Astronomy and Astrophysics, volume 615A, 158-158 (2018/7-1)
Unveiling the remarkable photodissociation region of Messier 8.
TIWARI M., MENTEN K.M., WYROWSKI F., PEREZ-BEAUPUITS J.P., WIESEMEYER H., GUSTEN R., KLEIN B. and HENKEL C.
Abstract (from CDS):
Aims. Messier 8 (M8) is one of the brightest HII regions in the sky. We collected an extensive dataset comprising multiple sub- millimeter spectral lines from neutral and ionized carbon and from CO. Based on this dataset, we aim to understand the morphology of M8 and that of its associated photodissociation region (PDR) and to carry out a quantitative analysis of the physical conditions of these regions such as kinetic temperatures and volume densities.
Methods. We used the Stratospheric Observatory For Infrared Astronomy (SOFIA), the Atacama Pathfinder Experiment (APEX) 12 m, and the Institut de Radioastronomie Millimetrique (IRAM) 30 m telescopes to perform a comprehensive imaging survey of the emission from the fine structure lines of [CII] and [CI] and multiple rotational transitions of carbon monoxide (CO) isotopologs within 1.3x1.3pc around the dominant Herschel 36 (Her 36) system, which is composed of at least three massive stars. To further explore the morphology of the region, we compared archival infrared, optical, and radio images of the nebula with our newly obtained fine structure line and CO data, and in particular with the velocity information these data provide. We performed a quantitative analysis, using both LTE and non-LTE methods to determine the abundances of some of the observed species, kinetic temperatures, and volume densities.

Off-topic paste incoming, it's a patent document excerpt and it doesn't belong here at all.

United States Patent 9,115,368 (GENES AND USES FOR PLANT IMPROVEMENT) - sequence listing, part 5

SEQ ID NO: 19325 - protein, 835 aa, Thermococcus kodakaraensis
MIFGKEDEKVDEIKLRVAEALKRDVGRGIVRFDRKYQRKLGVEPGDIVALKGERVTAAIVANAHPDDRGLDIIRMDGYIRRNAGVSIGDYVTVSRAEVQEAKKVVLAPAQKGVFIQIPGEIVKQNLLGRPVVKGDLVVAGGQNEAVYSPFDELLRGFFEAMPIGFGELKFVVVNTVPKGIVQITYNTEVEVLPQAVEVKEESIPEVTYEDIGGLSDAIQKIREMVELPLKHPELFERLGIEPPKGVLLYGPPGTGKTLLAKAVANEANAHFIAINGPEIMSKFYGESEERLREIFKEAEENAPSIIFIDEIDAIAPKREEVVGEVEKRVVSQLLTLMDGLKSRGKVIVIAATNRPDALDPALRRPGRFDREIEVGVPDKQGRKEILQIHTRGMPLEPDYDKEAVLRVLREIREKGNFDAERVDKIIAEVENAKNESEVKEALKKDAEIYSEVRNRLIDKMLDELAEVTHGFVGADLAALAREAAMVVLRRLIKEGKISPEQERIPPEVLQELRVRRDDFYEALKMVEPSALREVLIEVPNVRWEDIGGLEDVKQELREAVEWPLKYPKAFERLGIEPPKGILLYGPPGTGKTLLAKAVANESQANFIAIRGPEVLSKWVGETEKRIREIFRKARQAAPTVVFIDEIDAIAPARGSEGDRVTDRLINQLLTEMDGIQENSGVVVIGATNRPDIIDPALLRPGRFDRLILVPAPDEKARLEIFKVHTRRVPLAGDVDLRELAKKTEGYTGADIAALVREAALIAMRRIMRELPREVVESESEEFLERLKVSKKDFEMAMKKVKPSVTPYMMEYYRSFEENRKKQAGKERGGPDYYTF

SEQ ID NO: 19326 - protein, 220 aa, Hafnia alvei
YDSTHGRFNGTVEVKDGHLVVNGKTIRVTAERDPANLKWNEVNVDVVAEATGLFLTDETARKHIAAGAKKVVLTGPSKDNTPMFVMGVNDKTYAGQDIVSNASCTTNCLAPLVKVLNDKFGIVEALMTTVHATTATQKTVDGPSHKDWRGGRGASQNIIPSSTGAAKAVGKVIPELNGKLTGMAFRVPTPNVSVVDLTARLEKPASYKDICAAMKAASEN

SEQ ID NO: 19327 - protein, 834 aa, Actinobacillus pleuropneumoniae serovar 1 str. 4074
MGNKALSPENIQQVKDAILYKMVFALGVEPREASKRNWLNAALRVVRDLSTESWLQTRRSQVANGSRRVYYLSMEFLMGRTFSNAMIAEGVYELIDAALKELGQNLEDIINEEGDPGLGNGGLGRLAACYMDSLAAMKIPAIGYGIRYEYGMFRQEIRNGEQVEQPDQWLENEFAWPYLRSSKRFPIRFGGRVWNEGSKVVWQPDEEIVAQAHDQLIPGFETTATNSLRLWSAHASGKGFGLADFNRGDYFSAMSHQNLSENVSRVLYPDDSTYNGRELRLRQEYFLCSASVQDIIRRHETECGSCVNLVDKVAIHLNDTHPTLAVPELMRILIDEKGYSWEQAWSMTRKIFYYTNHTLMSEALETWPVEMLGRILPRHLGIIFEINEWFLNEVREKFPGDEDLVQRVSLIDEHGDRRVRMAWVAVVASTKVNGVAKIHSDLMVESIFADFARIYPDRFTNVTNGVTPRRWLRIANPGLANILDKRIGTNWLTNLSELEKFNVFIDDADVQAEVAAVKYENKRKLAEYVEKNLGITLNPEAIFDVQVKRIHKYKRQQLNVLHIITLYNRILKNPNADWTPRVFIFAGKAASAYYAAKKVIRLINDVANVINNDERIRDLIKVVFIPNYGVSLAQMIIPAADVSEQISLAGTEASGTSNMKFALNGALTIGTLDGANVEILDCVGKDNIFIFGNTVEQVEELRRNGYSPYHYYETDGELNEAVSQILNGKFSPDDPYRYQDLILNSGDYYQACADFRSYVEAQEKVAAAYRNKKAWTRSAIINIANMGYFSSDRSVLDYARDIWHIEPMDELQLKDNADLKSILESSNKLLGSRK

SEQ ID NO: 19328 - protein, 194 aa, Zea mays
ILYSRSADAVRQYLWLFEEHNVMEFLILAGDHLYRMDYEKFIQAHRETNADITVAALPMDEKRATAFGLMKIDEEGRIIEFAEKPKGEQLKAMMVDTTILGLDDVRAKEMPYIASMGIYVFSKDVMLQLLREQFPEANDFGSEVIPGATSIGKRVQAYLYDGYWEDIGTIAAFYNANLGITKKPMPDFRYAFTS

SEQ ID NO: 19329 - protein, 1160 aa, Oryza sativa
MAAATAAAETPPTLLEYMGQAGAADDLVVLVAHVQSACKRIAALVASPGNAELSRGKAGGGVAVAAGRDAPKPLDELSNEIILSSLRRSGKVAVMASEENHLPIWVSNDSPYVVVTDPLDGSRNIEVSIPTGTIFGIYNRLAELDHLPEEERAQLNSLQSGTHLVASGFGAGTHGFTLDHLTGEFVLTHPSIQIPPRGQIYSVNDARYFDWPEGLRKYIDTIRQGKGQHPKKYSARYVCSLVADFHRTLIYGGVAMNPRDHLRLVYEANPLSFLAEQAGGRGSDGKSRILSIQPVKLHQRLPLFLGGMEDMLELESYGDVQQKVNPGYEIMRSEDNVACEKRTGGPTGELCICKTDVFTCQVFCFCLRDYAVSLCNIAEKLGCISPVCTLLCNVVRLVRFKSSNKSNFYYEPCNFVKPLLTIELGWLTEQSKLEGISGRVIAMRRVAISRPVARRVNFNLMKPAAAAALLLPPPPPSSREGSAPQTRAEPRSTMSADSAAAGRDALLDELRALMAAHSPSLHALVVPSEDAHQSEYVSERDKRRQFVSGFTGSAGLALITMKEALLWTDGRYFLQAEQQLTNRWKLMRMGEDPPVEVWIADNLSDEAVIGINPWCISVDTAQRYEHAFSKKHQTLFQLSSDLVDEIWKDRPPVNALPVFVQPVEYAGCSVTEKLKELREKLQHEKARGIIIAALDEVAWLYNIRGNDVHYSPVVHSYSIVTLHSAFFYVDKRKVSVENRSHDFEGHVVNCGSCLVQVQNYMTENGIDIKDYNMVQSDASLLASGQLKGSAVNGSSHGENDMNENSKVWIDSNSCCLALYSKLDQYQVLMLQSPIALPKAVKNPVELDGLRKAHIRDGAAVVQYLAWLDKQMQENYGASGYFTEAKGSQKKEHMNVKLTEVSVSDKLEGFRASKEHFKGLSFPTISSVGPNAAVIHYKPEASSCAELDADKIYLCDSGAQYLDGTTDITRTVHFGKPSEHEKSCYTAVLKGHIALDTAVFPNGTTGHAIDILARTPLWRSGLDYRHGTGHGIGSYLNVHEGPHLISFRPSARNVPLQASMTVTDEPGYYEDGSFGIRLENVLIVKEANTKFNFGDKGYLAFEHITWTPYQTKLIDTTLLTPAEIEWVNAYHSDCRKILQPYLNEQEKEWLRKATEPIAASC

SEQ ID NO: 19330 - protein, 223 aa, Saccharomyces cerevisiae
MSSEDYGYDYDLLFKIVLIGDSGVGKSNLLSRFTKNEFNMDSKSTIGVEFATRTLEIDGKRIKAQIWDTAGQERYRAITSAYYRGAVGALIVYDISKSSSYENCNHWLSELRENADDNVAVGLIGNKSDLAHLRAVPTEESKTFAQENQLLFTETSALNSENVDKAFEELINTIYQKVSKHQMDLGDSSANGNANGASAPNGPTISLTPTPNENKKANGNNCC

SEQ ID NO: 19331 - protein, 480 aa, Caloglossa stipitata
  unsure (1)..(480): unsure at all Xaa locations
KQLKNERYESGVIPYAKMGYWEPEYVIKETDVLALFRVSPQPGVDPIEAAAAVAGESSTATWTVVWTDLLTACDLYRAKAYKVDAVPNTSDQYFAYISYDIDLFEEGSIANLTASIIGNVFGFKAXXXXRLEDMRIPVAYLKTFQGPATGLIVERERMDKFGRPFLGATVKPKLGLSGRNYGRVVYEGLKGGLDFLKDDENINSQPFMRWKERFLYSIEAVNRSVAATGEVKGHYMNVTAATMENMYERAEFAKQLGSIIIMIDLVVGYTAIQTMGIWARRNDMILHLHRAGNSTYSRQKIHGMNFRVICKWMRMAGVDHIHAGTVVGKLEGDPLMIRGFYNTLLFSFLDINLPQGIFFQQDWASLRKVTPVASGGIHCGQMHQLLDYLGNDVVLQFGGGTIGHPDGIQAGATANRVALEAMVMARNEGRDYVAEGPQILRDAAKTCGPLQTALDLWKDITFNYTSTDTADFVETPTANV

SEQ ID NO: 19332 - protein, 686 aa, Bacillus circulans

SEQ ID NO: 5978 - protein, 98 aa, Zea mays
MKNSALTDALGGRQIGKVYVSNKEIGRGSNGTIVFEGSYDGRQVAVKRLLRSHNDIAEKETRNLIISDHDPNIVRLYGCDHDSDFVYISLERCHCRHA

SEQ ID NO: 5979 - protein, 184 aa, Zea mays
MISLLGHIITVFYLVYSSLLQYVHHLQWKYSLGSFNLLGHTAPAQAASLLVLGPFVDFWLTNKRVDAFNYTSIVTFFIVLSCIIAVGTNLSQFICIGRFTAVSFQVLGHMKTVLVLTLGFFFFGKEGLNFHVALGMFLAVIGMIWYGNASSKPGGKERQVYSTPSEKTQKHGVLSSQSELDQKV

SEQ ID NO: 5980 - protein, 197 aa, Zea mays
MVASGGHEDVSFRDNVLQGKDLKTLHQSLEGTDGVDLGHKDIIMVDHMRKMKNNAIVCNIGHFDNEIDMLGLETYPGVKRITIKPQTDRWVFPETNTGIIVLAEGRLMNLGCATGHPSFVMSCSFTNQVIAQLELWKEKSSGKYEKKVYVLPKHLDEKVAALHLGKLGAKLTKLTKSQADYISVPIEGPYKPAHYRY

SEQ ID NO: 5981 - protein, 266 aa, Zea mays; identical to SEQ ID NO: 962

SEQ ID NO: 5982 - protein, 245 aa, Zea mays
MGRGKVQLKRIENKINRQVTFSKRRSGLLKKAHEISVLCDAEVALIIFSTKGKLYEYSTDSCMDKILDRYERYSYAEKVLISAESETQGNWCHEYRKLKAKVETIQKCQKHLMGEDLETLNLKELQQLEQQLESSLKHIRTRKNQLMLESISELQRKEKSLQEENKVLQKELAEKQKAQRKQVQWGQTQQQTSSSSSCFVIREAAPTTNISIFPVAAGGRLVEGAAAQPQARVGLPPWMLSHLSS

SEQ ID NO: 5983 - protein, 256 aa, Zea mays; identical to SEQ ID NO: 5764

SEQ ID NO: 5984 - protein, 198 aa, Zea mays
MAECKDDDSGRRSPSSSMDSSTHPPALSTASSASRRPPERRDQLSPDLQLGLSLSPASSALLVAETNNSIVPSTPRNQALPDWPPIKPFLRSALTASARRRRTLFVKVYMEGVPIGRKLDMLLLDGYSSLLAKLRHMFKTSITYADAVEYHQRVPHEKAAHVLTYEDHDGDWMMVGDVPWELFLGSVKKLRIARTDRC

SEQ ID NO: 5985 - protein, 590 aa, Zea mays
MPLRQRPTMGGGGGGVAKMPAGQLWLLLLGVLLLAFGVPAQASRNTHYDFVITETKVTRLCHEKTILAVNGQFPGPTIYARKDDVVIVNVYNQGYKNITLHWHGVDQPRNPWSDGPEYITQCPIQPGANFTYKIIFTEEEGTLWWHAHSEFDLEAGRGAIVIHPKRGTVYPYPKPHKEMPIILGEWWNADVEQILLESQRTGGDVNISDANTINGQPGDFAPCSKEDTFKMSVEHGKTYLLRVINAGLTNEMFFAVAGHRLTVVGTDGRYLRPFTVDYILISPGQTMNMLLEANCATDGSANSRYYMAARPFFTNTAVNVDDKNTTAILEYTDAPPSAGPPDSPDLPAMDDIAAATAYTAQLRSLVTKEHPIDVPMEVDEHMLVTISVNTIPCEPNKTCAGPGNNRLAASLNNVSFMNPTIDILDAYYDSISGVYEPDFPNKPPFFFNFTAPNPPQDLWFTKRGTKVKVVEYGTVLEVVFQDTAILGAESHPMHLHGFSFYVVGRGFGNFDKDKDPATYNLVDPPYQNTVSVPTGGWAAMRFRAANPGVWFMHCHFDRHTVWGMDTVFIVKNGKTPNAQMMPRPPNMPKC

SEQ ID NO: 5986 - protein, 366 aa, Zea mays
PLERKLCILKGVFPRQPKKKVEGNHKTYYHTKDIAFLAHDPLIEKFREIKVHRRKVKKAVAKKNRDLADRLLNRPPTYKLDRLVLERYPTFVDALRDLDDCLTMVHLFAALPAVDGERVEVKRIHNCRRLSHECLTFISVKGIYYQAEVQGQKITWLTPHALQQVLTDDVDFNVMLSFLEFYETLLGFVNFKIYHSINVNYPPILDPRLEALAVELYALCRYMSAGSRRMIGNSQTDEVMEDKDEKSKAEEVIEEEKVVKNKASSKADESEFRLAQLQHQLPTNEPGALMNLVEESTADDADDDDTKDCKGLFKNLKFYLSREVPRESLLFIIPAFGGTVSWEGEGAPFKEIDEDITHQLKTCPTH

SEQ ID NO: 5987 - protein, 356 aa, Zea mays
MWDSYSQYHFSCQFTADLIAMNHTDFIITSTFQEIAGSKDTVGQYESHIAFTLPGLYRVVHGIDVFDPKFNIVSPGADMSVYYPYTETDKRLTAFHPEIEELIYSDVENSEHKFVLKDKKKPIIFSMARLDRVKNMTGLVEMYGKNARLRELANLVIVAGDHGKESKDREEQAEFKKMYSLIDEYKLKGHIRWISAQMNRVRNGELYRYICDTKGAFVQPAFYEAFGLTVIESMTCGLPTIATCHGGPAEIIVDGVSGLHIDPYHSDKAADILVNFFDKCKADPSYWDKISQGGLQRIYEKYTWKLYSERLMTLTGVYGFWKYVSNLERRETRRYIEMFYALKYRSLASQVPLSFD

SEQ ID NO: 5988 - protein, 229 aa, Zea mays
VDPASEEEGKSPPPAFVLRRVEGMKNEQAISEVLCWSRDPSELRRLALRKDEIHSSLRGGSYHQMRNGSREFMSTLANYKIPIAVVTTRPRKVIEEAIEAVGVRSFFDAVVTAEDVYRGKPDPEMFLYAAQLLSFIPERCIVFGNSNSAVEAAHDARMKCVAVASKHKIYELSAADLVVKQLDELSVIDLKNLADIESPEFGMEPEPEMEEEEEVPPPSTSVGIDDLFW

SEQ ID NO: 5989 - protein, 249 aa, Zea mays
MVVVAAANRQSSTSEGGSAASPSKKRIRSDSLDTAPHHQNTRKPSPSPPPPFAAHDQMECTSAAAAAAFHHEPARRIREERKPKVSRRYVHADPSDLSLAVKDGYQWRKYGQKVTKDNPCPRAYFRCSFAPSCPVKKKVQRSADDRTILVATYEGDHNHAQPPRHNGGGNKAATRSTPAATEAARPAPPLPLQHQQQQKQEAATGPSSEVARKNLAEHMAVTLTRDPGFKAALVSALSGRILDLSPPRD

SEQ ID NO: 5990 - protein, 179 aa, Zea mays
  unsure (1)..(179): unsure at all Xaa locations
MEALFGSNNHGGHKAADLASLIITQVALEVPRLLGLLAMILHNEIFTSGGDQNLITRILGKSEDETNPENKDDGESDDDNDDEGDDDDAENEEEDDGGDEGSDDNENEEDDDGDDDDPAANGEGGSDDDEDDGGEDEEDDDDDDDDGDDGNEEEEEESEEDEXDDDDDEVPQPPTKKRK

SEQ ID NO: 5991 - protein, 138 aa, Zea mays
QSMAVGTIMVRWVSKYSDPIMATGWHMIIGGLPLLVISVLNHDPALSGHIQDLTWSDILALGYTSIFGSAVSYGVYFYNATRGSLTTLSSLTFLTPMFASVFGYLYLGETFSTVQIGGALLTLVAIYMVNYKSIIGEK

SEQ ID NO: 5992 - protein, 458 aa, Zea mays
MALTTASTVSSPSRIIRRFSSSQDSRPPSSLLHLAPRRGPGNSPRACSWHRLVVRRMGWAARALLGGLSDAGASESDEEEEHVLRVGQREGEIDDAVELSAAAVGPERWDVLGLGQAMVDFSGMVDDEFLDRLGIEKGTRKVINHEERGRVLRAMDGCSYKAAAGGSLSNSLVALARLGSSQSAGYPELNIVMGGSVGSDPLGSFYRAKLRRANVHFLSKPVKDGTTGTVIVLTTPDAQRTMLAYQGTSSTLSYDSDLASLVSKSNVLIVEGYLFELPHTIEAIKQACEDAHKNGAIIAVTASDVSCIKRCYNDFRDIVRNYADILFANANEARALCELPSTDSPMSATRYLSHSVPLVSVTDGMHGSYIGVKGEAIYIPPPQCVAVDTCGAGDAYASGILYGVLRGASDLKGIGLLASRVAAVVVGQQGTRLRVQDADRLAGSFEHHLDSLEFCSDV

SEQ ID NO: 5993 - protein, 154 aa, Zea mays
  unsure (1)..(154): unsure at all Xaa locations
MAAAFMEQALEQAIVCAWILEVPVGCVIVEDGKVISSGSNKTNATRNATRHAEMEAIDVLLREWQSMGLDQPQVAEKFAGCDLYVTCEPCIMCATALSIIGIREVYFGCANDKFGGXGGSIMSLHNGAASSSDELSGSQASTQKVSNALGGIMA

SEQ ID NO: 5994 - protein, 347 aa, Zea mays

Results. Bright CO, [CII] and [CI] emission have been found toward the HII region and the PDR in M8. Our analysis places the bulk of the molecular material in the background of the nebulosity illuminated by the bright stellar systems Her 36 and 9 Sagitarii. Since the emission from all observed atomic and molecular tracers peaks at or close to the position of Her 36, we conclude that the star is still physically close to its natal dense cloud core and heats it. A veil of warm gas moves away from Her 36 toward the Sun and its associated dust contributes to the foreground extinction in the region. One of the most prominent star forming regions in M8, the Hourglass Nebula, is particularly bright due to cracks in this veil close to Her 36. We obtain H2 densities ranging from ∼104-106cm–3 and kinetic temperatures of 100-150 K in the bright PDR caused by Her 36 using radiative transfer modeling of various transitions of CO isotopologs.
© ESO 2018
ISM: general - ISM: individual objects: M8 - submillimeter: ISM - HII regions - ISM: clouds
VizieR on-line data:
<Available at CDS (J/A+A/615/A158): list.dat fits/*>
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